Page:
January 2020

When I first heard about the current pandemic, I think I was resting in bed.

You were browsing news on the laptop by the desk and told me a kind of virus seemed to be found in Wuhan, with two people infected. The first cases were found in a seafood market. It seemed to originate from some untested food (animal). No human-to-human transmission was found. When you said that, you were still reading on your laptop without turning back.

I think I didn’t take it too seriously those days; neither of us seemed to have taken it too seriously. Before you took a nap today, we already knew that the virus could be transmitted from human to human. You also said people from Wuhan were now being demonized and some cities (in China) even put up slogans and asked those from Wuhan to “get the f*ck out.”

The virus then spread, and it now has an official name: coronavirus. It is all over the Internet and media, and it is now in the United States, Korea, Japan…I said to you, last time SARS also originated from China, do you think the world woill be very angry with us? You laughed and said: some netizens even said that SARS was a conspiracy that had been intentionally transmitted to China by other countries, do you believe it?

One rainy night, we got off the plane. The taxi we took was stopped far away by two medical staff wearing white coats and white masks, waving their hands at the exit of the expressway. They asked where we were traveling from and if we felt unwell for the past few days. They also gave us a temperature measurement. The official test results: neither of us had a fever. I breathed a sigh of relief. The whole thing felt so unreal.

Now, rumors say that the intermediate host of the virus in the Wuhan seafood market was the illegally-sold snakes. I remember the serpent in the Bible:

“You will not certainly die,” the serpent said to the woman. (Genesis 3:4)

When the woman saw that the fruit of the tree (the tree of the knowledge of good and evil) was good for food and pleasing to the eye, and also desirable for gaining wisdom, she took some and ate it. She also gave some to her husband, who was with her, and he ate it. (Genesis 3:6)

My mother sent me a message saying: don’t go anywhere, stay at home. Indeed. This morning, we went for a walk downstairs with masks on; the often-bustling city streets were now so empty.

February 2020


The local Center for Disease Control and Prevention sends me text messages every day, saying that “now is the critical period for the prevention and control of the coronavirus.” The community where I stay in is implementing a lockdown; one needs a certificate to go out and also needs to register their personal information and get his or her temperature measured. There’s a control over the number of people allowed to leave (one per household) and the times (twice per week) one can go out, too. I heard that the nearby food stores were all closed for the moment and the roads were partially closed.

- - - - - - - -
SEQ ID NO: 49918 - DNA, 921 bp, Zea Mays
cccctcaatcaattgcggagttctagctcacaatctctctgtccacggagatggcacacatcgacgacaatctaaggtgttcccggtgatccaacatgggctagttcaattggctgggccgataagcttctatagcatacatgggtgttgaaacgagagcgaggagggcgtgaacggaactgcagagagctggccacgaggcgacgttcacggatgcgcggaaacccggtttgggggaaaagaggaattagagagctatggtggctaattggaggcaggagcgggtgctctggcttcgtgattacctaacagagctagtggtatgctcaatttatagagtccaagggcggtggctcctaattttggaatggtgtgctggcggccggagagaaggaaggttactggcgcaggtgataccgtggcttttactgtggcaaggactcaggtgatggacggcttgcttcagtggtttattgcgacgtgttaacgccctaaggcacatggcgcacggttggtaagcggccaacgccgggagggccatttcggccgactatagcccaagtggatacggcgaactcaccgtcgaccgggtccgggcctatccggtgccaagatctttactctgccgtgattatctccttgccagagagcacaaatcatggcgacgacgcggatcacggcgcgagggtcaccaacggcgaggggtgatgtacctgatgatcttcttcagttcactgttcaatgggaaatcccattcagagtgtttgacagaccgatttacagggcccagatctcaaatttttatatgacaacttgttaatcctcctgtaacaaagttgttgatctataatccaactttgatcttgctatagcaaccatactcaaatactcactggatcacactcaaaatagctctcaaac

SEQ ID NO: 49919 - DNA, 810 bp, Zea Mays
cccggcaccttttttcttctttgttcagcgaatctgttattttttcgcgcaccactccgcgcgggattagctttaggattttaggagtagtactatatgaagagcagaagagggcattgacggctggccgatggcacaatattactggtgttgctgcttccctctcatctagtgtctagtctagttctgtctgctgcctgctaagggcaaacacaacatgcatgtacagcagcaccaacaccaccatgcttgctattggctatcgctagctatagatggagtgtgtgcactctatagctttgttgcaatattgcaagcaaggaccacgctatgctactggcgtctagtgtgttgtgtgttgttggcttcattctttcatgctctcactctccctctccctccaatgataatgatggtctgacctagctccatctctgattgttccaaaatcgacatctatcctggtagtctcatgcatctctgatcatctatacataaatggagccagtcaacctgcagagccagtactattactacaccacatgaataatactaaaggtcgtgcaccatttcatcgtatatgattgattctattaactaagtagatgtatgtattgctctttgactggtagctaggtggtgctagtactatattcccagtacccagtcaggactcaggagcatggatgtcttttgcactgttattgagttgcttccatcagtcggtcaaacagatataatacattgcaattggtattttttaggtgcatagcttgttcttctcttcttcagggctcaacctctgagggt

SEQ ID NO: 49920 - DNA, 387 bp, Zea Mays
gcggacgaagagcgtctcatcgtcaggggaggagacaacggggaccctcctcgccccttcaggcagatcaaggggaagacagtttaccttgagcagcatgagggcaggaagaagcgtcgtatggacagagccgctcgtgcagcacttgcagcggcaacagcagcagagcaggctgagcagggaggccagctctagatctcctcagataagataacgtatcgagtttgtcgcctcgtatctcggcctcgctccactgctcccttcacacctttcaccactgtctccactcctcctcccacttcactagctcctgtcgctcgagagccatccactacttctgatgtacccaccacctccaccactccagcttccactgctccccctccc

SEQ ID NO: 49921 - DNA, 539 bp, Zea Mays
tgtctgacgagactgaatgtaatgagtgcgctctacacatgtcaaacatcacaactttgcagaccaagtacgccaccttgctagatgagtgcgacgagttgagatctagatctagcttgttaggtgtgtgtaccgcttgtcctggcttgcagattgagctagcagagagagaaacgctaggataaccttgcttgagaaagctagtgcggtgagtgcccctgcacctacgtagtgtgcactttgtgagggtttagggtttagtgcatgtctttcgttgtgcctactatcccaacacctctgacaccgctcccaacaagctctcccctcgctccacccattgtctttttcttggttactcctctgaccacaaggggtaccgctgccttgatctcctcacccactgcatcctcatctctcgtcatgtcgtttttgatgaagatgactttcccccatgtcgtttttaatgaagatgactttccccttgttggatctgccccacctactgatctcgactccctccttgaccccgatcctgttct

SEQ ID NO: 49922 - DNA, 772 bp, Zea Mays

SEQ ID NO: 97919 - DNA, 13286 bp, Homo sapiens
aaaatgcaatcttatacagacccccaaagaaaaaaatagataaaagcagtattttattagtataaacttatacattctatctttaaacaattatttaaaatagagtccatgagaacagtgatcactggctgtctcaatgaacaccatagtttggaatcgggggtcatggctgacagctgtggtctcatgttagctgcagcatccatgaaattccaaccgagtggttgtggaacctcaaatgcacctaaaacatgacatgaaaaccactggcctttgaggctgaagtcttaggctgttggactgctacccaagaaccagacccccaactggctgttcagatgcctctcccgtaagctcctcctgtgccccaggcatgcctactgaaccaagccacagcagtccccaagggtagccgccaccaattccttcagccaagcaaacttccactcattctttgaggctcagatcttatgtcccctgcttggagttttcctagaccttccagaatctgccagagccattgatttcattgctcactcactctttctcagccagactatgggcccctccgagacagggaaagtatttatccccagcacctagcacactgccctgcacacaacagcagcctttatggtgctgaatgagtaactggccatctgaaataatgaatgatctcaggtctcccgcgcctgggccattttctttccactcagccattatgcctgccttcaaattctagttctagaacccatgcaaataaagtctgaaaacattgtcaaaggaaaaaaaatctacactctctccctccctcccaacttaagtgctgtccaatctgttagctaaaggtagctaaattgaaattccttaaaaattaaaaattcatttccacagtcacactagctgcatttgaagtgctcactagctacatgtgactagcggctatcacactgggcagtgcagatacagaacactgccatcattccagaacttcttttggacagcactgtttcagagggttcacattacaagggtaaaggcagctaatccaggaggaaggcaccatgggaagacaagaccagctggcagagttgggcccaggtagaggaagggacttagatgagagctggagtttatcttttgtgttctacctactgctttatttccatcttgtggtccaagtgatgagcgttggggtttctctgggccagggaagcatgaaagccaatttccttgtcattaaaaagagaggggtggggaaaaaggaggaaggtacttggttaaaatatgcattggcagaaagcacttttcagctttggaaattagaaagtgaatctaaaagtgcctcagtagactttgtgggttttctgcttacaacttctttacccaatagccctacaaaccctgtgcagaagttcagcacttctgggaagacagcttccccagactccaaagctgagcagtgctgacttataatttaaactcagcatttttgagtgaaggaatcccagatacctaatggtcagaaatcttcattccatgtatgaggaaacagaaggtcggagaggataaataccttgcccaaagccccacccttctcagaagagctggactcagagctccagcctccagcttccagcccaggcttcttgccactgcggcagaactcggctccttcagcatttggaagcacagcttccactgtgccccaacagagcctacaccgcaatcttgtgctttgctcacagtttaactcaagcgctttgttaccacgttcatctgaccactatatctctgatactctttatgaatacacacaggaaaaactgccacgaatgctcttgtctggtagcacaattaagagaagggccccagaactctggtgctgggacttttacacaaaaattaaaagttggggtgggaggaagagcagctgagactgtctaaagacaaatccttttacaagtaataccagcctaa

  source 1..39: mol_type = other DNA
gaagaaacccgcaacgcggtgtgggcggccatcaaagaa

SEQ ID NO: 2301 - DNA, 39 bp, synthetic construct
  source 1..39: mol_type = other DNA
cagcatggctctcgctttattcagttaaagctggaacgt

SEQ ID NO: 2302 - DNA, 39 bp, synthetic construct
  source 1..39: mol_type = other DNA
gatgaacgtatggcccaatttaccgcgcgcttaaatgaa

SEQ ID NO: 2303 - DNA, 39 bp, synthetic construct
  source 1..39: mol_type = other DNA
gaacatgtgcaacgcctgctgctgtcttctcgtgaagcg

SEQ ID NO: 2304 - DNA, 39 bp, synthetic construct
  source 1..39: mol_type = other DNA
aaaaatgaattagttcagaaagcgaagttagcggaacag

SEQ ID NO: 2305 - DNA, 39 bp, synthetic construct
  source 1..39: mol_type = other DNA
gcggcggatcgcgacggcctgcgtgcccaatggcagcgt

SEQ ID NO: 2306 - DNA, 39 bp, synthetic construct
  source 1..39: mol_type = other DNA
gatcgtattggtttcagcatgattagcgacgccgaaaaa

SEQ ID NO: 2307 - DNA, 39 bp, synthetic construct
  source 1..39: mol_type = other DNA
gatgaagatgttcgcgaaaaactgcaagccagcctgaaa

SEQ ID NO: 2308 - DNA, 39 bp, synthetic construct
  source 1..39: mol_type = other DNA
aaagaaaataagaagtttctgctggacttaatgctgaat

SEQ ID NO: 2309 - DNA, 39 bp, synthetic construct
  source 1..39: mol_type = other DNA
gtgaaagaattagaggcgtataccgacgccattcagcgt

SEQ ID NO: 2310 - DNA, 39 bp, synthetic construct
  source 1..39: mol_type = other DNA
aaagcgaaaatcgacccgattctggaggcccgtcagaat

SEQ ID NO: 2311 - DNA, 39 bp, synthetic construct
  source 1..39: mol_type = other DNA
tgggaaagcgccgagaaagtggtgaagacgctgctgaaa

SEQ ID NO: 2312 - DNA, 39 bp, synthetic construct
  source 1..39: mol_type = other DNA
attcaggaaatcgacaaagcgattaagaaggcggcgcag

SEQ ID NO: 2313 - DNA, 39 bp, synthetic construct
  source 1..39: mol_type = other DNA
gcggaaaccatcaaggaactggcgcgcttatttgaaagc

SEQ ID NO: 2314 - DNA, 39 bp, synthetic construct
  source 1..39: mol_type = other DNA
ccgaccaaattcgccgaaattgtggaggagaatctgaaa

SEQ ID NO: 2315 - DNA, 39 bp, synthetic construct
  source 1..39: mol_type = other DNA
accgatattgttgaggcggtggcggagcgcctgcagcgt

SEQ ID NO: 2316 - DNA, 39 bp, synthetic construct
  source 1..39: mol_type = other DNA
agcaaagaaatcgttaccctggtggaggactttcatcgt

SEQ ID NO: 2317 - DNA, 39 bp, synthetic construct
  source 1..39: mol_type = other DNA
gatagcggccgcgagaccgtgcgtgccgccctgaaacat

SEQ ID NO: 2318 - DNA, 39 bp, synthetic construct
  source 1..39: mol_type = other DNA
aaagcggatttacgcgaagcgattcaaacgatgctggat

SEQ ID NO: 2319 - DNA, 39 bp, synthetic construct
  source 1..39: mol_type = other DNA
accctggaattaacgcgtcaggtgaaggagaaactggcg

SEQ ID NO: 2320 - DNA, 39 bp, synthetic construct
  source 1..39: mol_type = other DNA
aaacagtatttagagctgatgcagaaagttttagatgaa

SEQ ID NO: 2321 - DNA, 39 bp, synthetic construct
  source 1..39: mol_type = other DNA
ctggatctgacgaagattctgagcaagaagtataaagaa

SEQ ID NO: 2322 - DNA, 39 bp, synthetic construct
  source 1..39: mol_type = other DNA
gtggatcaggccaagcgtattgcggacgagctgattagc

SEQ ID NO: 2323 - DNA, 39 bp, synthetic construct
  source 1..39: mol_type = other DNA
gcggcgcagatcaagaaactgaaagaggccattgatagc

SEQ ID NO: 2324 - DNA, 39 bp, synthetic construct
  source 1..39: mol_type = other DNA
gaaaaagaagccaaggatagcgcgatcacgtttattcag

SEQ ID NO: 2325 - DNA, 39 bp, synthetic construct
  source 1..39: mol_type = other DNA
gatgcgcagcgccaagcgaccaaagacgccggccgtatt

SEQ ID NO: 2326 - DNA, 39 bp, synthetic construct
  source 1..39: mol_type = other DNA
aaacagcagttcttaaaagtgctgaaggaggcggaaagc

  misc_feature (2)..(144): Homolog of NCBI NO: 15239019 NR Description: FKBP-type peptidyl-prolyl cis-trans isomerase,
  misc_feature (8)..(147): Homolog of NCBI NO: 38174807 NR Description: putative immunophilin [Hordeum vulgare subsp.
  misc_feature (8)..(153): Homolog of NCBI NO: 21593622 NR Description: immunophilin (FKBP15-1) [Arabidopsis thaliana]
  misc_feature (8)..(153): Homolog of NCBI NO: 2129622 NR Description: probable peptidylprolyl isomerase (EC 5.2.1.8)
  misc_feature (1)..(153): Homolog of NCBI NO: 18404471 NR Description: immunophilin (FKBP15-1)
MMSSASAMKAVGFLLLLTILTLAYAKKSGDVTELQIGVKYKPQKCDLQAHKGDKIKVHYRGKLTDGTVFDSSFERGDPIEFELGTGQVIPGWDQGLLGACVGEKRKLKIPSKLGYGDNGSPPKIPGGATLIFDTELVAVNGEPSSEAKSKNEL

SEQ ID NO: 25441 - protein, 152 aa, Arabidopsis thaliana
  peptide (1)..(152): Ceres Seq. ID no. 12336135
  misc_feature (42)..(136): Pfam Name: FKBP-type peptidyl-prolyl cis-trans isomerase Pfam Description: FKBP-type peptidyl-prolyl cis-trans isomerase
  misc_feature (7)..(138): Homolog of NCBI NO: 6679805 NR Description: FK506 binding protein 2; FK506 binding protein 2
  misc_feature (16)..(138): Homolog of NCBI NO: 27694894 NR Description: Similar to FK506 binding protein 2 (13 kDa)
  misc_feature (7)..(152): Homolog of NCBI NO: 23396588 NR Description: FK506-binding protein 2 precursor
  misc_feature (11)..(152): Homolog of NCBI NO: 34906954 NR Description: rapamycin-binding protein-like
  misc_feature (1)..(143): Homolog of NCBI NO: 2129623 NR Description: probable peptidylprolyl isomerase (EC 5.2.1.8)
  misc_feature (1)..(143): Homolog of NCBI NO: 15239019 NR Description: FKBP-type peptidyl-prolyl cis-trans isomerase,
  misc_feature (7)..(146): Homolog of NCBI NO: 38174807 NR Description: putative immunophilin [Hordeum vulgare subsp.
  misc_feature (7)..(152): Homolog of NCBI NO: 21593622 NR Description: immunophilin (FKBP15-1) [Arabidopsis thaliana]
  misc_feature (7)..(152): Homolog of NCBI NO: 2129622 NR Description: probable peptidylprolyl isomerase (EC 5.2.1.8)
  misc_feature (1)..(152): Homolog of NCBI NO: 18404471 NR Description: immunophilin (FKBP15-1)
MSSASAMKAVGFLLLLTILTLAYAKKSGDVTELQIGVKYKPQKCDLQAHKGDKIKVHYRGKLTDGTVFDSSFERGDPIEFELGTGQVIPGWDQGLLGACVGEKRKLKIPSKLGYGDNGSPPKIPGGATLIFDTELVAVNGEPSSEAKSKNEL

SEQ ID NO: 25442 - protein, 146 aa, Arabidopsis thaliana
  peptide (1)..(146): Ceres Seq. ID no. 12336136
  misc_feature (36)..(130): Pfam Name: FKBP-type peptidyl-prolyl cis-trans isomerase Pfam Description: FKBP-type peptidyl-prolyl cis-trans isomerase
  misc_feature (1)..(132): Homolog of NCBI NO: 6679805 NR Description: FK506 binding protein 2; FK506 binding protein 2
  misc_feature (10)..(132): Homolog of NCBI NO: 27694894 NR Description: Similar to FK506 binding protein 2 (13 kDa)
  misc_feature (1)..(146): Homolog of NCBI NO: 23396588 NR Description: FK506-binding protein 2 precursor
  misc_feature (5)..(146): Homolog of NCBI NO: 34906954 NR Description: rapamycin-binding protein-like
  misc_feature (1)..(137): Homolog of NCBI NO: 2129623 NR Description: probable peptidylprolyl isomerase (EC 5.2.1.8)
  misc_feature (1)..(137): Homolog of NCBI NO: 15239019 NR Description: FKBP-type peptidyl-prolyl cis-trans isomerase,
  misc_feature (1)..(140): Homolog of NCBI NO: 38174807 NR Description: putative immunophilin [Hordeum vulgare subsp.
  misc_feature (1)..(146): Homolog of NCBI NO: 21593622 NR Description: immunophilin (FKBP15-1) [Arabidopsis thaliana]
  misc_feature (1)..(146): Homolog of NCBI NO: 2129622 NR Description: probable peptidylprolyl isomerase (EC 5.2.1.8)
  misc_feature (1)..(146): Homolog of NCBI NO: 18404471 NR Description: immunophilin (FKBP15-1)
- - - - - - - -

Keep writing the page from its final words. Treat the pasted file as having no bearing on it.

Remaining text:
My original plan to quit smoking after the Spring Festival was now disrupted by the pandemic (perhaps just an excuse for myself). The situation is making everyone depressed and panicky; how could there be no cigarette for the moment? Now again, the cigarettes are almost finished, and the store I frequently visit is locked. Maybe I could ask the apartment security to help me get some cigarettes. There aren’t any restrictions on him going in and out. The ground coffee is also running out, and the cafe is closed. Yesterday, there was even no meat on the table, because—I’ve said it already—it’s very inconvenient to go out. Indeed, the people of the country almost get mentally ill in this endless quarantine.

When we can’t go out, we go for a stroll on the rooftop, talking about the pandemic, writing, and family matters while walking. There are good and bad aspects to walking on the rooftop. The bad side: the space is very limited, sometimes my head feels dizzy in the continuous walking-round, while only a few hundred steps are displayed on the mobile pedometer. And the ground is uneven, which makes walking difficult. Various clothes are hanging on the rooftop to air-dry and sometimes touch our heads as we pass by. The good side: the air is fresh on the top floor, and there is a view; we look at the distant mountains, the sky just above our heads and the quiet community opposite.